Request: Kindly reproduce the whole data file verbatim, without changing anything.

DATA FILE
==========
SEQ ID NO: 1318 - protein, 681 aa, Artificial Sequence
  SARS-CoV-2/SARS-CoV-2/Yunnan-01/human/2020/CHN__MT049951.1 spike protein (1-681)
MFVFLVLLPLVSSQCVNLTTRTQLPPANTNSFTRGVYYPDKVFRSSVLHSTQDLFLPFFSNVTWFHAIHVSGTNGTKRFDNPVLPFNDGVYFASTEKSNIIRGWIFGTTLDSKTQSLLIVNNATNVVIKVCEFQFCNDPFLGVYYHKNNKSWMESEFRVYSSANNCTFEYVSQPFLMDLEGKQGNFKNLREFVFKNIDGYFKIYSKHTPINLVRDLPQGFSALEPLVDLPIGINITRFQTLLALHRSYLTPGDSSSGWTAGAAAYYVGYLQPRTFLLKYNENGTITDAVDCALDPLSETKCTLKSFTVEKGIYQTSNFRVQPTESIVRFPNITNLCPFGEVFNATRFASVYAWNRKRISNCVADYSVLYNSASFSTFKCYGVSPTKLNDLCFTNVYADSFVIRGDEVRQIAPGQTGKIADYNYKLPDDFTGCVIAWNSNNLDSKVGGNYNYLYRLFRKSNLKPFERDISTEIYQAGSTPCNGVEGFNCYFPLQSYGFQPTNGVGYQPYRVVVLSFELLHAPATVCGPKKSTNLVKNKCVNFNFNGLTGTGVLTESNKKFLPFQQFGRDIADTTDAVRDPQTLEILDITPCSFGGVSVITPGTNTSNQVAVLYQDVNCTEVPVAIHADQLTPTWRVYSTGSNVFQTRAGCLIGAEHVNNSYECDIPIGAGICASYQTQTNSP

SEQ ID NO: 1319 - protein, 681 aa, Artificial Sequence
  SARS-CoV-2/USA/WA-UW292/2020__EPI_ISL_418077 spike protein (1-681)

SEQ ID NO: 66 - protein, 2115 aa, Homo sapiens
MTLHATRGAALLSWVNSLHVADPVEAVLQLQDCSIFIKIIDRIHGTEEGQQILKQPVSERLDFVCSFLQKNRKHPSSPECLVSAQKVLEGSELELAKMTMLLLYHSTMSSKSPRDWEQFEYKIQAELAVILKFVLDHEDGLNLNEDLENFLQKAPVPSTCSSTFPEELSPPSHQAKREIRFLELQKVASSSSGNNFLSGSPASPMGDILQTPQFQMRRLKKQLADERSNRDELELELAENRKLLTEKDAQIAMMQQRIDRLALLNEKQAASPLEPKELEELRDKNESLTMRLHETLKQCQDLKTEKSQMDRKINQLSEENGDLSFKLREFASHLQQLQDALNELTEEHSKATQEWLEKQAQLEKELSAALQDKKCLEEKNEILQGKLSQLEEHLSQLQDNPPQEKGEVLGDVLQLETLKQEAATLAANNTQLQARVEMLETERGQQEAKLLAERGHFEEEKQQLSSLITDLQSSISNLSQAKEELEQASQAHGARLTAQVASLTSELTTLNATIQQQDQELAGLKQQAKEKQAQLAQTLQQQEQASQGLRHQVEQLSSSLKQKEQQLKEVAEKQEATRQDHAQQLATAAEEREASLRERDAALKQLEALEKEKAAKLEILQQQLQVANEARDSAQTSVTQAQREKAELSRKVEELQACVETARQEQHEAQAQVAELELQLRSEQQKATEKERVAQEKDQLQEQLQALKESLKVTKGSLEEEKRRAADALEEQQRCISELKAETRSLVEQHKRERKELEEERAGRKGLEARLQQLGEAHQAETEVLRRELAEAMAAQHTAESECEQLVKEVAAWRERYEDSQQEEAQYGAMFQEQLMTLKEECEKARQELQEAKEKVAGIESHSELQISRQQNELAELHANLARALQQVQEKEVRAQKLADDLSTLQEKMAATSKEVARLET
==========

SEQ ID NO: 1318 - protein, 681 aa, Artificial Sequence
  SARS-CoV-2/SARS-CoV-2/Yunnan-01/human/2020/CHN__MT049951.1 spike protein (1-681)
MFVFLVLLPLVSSQCVNLTTRTQLPPANTNSFTRGVYYPDKVFRSSVLHSTQDLFLPFFSNVTWFHAIHVSGTNGTKRFDNPVLPFNDGVYFASTEKSNIIRGWIFGTTLDSKTQSLLIVNNATNVVIKVCEFQFCNDPFLGVYYHKNNKSWMESEFRVYSSANNCTFEYVSQPFLMDLEGKQGNFKNLREFVFKNIDGYFKIYSKHTPINLVRDLPQGFSALEPLVDLPIGINITRFQTLLALHRSYLTPGDSSSGWTAGAAAYYVGYLQPRTFLLKYNENGTITDAVDCALDPLSETKCTLKSFTVEKGIYQTSNFRVQPTESIVRFPNITNLCPFGEVFNATRFASVYAWNRKRISNCVADYSVLYNSASFSTFKCYGVSPTKLNDLCFTNVYADSFVIRGDEVRQIAPGQTGKIADYNYKLPDDFTGCVIAWNSNNLDSKVGGNYNYLYRLFRKSNLKPFERDISTEIYQAGSTPCNGVEGFNCYFPLQSYGFQPTNGVGYQPYRVVVLSFELLHAPATVCGPKKSTNLVKNKCVNFNFNGLTGTGVLTESNKKFLPFQQFGRDIADTTDAVRDPQTLEILDITPCSFGGVSVITPGTNTSNQVAVLYQDVNCTEVPVAIHADQLTPTWRVYSTGSNVFQTRAGCLIGAEHVNNSYECDIPIGAGICASYQTQTNSP

SEQ ID NO: 1319 - protein, 681 aa, Artificial Sequence
  SARS-CoV-2/USA/WA-UW292/2020__EPI_ISL_418077 spike protein (1-681)

SEQ ID NO: 66 - protein, 2115 aa, Homo sapiens
MTLHATRGAALLSWVNSLHVADPVEAVLQLQDCSIFIKIIDRIHGTEEGQQILKQPVSERLDFVCSFLQKNRKHPSSPECLVSAQKVLEGSELELAKMTMLLLYHSTMSSKSPRDWEQFEYKIQAELAVILKFVLDHEDGLNLNEDLENFLQKAPVPSTCSSTFPEELSPPSHQAKREIRFLELQKVASSSSGNNFLSGSPASPMGDILQTPQFQMRRLKKQLADERSNRDELELELAENRKLLTEKDAQIAMMQQRIDRLALLNEKQAASPLEPKELEELRDKNESLTMRLHETLKQCQDLKTEKSQMDRKINQLSEENGDLSFKLREFASHLQQLQDALNELTEEHSKATQEWLEKQAQLEKELSAALQDKKCLEEKNEILQGKLSQLEEHLSQLQDNPPQEKGEVLGDVLQLETLKQEAATLAANNTQLQARVEMLETERGQQEAKLLAERGHFEEEKQQLSSLITDLQSSISNLSQAKEELEQASQAHGARLTAQVASLTSELTTLNATIQQQDQELAGLKQQAKEKQAQLAQTLQQQEQASQGLRHQVEQLSSSLKQKEQQLKEVAEKQEATRQDHAQQLATAAEEREASLRERDAALKQLEALEKEKAAKLEILQQQLQVANEARDSAQTSVTQAQREKAELSRKVEELQACVETARQEQHEAQAQVAELELQLRSEQQKATEKERVAQEKDQLQEQLQALKESLKVTKGSLEEEKRRAADALEEQQRCISELKAETRSLVEQHKRERKELEEERAGRKGLEARLQQLGEAHQAETEVLRRELAEAMAAQHTAESECEQLVKEVAAWRERYEDSQQEEAQYGAMFQEQLMTLKEECEKARQELQEAKEKVAGIESHSELQISRQQNELAELHANLARALQQVQEKEVRAQKLADDLSTLQEKMAATSKEVARLET